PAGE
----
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Spherical harmonic convolution is defined as:

$$ ( k \star f )^l_m = \sqrt{ \frac{ 4 \pi }{2l+1} } h^l_m f^l_m $$

I have a function with RGB values for every $(\theta,\phi)$ in the spatial domain. Call this the "light function":

light function

I project this "light function" to spherical harmonics.

spherical harmonic projected light function

Now, I want to use this lobe function:

zh "selector" function

to "select" a portion of the "light function", in the SH domain.

This is what I want to do

Note that the lobe is circularly symmetric.

In the spatial domain, this "selection" could be done by a simple multiplication: for every $ (\theta,\phi) $ simply multiply. The result will be "keep anything that lines up with the lobe, and discard the rest."

Multiplication in the spatial domain should be convolution in the frequency domain.

But when I try to convolve the spherical harmonic "lobe" with the spherical harmonic light function, I am getting a "scaled" or "filtered" copy of the light map, but not in the way I expect! I expect to keep everything along the lobe, and discard the rest, as described above.

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That assumption is only true if one of the harmonics is ZONAL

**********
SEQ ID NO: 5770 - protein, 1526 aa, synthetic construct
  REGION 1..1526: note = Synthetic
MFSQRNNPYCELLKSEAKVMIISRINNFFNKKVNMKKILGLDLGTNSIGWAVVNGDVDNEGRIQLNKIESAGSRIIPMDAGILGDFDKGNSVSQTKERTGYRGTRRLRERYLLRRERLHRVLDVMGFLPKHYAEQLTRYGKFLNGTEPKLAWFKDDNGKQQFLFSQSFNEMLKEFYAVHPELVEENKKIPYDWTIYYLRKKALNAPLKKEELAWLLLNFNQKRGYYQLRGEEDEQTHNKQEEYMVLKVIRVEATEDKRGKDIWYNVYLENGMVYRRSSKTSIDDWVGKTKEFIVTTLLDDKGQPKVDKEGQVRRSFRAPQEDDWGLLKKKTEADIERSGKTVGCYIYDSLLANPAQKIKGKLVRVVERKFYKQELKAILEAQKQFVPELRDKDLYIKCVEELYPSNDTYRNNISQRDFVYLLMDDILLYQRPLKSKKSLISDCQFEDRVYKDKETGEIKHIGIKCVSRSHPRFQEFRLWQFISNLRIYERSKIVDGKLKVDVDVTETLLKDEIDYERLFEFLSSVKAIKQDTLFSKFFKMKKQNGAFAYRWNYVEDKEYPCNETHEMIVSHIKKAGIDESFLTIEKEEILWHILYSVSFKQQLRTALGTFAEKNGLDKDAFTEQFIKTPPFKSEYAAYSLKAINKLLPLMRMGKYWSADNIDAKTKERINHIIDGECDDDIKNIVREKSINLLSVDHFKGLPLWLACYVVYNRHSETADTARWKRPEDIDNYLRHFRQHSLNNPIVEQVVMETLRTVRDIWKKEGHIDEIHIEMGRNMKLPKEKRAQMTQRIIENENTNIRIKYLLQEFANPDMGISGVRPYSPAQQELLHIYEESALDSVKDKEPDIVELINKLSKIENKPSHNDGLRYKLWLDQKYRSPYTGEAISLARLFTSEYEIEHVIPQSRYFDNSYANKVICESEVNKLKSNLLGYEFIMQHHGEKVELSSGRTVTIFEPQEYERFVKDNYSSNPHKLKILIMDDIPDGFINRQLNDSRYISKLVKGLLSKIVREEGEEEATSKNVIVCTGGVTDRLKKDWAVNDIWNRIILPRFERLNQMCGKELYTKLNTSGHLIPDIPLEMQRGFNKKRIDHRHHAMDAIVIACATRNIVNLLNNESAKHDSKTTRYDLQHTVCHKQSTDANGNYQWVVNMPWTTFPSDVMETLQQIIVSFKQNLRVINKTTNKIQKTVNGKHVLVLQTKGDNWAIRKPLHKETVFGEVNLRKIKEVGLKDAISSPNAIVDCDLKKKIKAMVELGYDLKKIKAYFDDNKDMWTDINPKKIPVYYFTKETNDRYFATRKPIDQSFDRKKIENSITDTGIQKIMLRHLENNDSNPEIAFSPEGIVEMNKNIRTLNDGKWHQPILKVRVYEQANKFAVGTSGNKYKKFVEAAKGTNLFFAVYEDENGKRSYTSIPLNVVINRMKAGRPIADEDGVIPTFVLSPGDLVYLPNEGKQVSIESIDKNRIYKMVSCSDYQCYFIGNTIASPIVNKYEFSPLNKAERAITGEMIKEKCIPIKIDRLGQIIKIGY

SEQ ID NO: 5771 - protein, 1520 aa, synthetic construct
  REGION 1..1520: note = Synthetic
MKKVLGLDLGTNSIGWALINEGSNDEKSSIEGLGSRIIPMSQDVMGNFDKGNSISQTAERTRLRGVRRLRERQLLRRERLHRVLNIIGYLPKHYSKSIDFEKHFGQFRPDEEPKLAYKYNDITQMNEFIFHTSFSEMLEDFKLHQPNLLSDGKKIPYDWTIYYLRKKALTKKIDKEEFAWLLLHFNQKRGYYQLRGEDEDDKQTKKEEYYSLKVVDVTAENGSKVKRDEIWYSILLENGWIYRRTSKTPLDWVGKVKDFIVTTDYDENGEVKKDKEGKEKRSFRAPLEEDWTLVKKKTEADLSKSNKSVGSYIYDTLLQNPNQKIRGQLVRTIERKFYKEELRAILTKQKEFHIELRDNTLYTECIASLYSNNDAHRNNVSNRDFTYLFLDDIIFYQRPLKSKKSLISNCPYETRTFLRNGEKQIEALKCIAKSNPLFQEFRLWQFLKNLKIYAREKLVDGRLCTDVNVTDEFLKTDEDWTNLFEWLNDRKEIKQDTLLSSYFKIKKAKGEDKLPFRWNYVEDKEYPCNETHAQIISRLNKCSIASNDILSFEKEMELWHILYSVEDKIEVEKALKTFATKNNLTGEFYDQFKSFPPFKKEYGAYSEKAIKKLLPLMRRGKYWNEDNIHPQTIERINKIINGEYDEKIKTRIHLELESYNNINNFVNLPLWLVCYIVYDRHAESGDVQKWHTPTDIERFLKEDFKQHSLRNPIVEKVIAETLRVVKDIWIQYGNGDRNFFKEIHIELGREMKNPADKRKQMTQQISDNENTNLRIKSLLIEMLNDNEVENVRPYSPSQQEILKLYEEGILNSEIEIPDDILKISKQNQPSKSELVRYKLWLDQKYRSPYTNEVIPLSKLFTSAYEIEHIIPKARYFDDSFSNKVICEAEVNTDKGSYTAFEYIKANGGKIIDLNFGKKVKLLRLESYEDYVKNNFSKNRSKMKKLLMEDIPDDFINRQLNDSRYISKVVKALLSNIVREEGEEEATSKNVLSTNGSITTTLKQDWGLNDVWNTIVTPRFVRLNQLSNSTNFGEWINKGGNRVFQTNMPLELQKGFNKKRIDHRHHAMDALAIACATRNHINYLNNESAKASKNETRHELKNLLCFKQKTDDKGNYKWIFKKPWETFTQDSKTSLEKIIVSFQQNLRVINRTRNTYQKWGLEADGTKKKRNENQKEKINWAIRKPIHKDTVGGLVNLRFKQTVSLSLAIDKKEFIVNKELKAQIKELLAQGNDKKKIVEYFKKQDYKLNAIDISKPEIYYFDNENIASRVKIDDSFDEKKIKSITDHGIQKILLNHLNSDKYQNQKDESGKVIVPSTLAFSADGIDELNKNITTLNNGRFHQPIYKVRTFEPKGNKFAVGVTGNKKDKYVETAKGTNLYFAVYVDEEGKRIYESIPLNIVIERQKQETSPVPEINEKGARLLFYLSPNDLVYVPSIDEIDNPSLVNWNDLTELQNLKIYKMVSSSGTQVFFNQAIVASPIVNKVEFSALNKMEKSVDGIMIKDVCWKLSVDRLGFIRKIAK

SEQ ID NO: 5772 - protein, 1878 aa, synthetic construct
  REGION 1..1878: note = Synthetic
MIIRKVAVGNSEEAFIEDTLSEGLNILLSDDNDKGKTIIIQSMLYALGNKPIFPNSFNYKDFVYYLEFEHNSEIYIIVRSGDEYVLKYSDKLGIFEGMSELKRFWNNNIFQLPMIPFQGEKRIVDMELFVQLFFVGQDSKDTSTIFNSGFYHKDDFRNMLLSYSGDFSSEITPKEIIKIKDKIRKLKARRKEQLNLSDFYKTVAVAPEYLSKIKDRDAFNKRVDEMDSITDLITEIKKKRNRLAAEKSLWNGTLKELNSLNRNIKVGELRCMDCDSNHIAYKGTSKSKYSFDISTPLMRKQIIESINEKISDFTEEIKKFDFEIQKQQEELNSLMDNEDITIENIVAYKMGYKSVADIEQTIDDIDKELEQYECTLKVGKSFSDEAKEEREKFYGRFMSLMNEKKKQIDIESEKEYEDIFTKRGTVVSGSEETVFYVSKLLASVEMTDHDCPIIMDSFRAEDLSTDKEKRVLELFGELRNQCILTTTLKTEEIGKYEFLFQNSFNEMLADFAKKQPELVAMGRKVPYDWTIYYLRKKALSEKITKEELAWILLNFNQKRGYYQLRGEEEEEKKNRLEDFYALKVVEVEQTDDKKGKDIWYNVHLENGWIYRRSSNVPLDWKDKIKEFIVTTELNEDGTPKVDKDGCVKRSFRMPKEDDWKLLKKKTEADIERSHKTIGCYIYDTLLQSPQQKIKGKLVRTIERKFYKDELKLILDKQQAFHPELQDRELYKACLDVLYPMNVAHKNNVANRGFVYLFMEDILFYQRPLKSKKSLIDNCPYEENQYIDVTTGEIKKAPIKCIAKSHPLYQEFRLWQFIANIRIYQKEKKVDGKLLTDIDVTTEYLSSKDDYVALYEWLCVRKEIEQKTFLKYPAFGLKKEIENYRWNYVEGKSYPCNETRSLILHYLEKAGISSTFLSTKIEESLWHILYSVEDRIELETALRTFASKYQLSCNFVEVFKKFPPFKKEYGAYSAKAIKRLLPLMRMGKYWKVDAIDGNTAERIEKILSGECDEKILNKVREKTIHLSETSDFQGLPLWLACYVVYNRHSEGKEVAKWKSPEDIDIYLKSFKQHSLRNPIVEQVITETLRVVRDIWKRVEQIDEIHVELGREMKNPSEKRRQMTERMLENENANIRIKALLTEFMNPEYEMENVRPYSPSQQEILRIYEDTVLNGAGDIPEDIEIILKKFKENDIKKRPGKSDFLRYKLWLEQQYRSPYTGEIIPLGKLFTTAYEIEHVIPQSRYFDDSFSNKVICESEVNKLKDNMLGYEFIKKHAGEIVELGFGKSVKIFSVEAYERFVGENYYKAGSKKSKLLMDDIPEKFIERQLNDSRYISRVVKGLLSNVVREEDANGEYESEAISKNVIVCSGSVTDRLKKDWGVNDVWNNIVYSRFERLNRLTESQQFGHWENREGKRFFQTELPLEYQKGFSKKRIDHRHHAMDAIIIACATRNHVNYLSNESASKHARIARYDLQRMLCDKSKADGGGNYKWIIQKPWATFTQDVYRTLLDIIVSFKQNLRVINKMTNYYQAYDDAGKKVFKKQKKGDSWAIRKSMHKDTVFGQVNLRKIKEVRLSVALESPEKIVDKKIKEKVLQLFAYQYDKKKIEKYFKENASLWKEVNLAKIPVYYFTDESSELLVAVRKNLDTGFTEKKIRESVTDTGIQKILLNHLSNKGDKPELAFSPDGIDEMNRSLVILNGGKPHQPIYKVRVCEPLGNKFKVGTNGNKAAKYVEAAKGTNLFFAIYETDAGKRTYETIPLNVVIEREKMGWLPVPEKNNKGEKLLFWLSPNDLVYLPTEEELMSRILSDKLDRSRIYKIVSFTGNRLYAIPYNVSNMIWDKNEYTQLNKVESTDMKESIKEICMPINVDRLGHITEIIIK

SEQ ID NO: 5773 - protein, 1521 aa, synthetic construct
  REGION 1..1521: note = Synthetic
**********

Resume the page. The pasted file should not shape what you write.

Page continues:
I.e. every component with m not equal to 0, is 0

so then the convolution is with h being the zonal harmonic

$( k \star f )^l_m = \sqrt{ \frac{ 4 \pi }{2l+1} } h^l_0 f^l_m$

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up vote 1 down vote accepted

No, convolution in spherical harmonics is not multiplication in the spatial domain. According to this paper, convolution in spherical harmonics corresponds with low pass filtering.

Just as the Fourier basis is convenient for examining the results of convolutions in the plane, similar tools exist for understanding the results of the analog of convolutions on the sphere. We now introduce these tools, and use them to show that in producing reflectance, k acts as a low-pass filter.
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But isn't low-pass filtering a form of convolution? I don't see how your point follows. – Rahul May 4 '12 at 22:19

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